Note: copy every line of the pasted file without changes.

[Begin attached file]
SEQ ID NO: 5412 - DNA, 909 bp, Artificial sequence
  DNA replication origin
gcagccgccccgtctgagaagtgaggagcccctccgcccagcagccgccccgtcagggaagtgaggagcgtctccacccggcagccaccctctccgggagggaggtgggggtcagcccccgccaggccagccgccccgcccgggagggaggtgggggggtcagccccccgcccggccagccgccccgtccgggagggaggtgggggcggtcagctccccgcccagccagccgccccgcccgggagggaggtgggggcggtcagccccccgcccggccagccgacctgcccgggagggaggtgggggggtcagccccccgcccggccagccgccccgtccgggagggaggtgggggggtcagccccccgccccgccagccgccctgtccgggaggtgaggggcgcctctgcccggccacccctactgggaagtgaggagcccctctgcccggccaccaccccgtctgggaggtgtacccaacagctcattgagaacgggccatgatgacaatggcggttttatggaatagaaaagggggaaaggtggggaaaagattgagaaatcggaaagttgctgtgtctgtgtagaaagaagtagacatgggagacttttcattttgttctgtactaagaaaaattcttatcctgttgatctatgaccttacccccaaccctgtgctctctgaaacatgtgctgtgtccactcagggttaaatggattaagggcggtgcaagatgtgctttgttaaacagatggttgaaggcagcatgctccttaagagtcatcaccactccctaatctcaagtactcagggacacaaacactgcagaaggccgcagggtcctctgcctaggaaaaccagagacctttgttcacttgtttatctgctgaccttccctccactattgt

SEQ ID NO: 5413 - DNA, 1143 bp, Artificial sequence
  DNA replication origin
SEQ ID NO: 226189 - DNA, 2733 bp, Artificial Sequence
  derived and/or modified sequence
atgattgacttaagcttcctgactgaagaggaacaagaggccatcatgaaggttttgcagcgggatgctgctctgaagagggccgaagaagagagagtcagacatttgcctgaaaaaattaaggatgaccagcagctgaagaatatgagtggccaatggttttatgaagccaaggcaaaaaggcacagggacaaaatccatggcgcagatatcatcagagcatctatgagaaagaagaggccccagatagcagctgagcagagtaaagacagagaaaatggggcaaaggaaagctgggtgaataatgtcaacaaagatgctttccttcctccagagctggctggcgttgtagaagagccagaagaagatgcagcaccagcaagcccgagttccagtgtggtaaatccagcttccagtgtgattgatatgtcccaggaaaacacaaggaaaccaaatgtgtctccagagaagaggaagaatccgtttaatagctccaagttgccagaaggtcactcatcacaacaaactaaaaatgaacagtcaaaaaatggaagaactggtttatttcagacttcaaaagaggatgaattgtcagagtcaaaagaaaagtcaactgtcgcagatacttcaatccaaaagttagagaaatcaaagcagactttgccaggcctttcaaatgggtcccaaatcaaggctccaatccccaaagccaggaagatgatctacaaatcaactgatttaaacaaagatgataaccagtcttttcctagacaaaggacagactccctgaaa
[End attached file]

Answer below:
SEQ ID NO: 5412 - DNA, 909 bp, Artificial sequence
  DNA replication origin
gcagccgccccgtctgagaagtgaggagcccctccgcccagcagccgccccgtcagggaagtgaggagcgtctccacccggcagccaccctctccgggagggaggtgggggtcagcccccgccaggccagccgccccgcccgggagggaggtgggggggtcagccccccgcccggccagccgccccgtccgggagggaggtgggggcggtcagctccccgcccagccagccgccccgcccgggagggaggtgggggcggtcagccccccgcccggccagccgacctgcccgggagggaggtgggggggtcagccccccgcccggccagccgccccgtccgggagggaggtgggggggtcagccccccgccccgccagccgccctgtccgggaggtgaggggcgcctctgcccggccacccctactgggaagtgaggagcccctctgcccggccaccaccccgtctgggaggtgtacccaacagctcattgagaacgggccatgatgacaatggcggttttatggaatagaaaagggggaaaggtggggaaaagattgagaaatcggaaagttgctgtgtctgtgtagaaagaagtagacatgggagacttttcattttgttctgtactaagaaaaattcttatcctgttgatctatgaccttacccccaaccctgtgctctctgaaacatgtgctgtgtccactcagggttaaatggattaagggcggtgcaagatgtgctttgttaaacagatggttgaaggcagcatgctccttaagagtcatcaccactccctaatctcaagtactcagggacacaaacactgcagaaggccgcagggtcctctgcctaggaaaaccagagacctttgttcacttgtttatctgctgaccttccctccactattgt

SEQ ID NO: 5413 - DNA, 1143 bp, Artificial sequence
  DNA replication origin
SEQ ID NO: 226189 - DNA, 2733 bp, Artificial Sequence
  derived and/or modified sequence
atgattgacttaagcttcctgactgaagaggaacaagaggccatcatgaaggttttgcagcgggatgctgctctgaagagggccgaagaagagagagtcagacatttgcctgaaaaaattaaggatgaccagcagctgaagaatatgagtggccaatggttttatgaagccaaggcaaaaaggcacagggacaaaatccatggcgcagatatcatcagagcatctatgagaaagaagaggccccagatagcagctgagcagagtaaagacagagaaaatggggcaaaggaaagctgggtgaataatgtcaacaaagatgctttccttcctccagagctggctggcgttgtagaagagccagaagaagatgcagcaccagcaagcccgagttccagtgtggtaaatccagcttccagtgtgattgatatgtcccaggaaaacacaaggaaaccaaatgtgtctccagagaagaggaagaatccgtttaatagctccaagttgccagaaggtcactcatcacaacaaactaaaaatgaacagtcaaaaaatggaagaactggtttatttcagacttcaaaagaggatgaattgtcagagtcaaaagaaaagtcaactgtcgcagatacttcaatccaaaagttagagaaatcaaagcagactttgccaggcctttcaaatgggtcccaaatcaaggctccaatccccaaagccaggaagatgatctacaaatcaactgatttaaacaaagatgataaccagtcttttcctagacaaaggacagactccctgaaa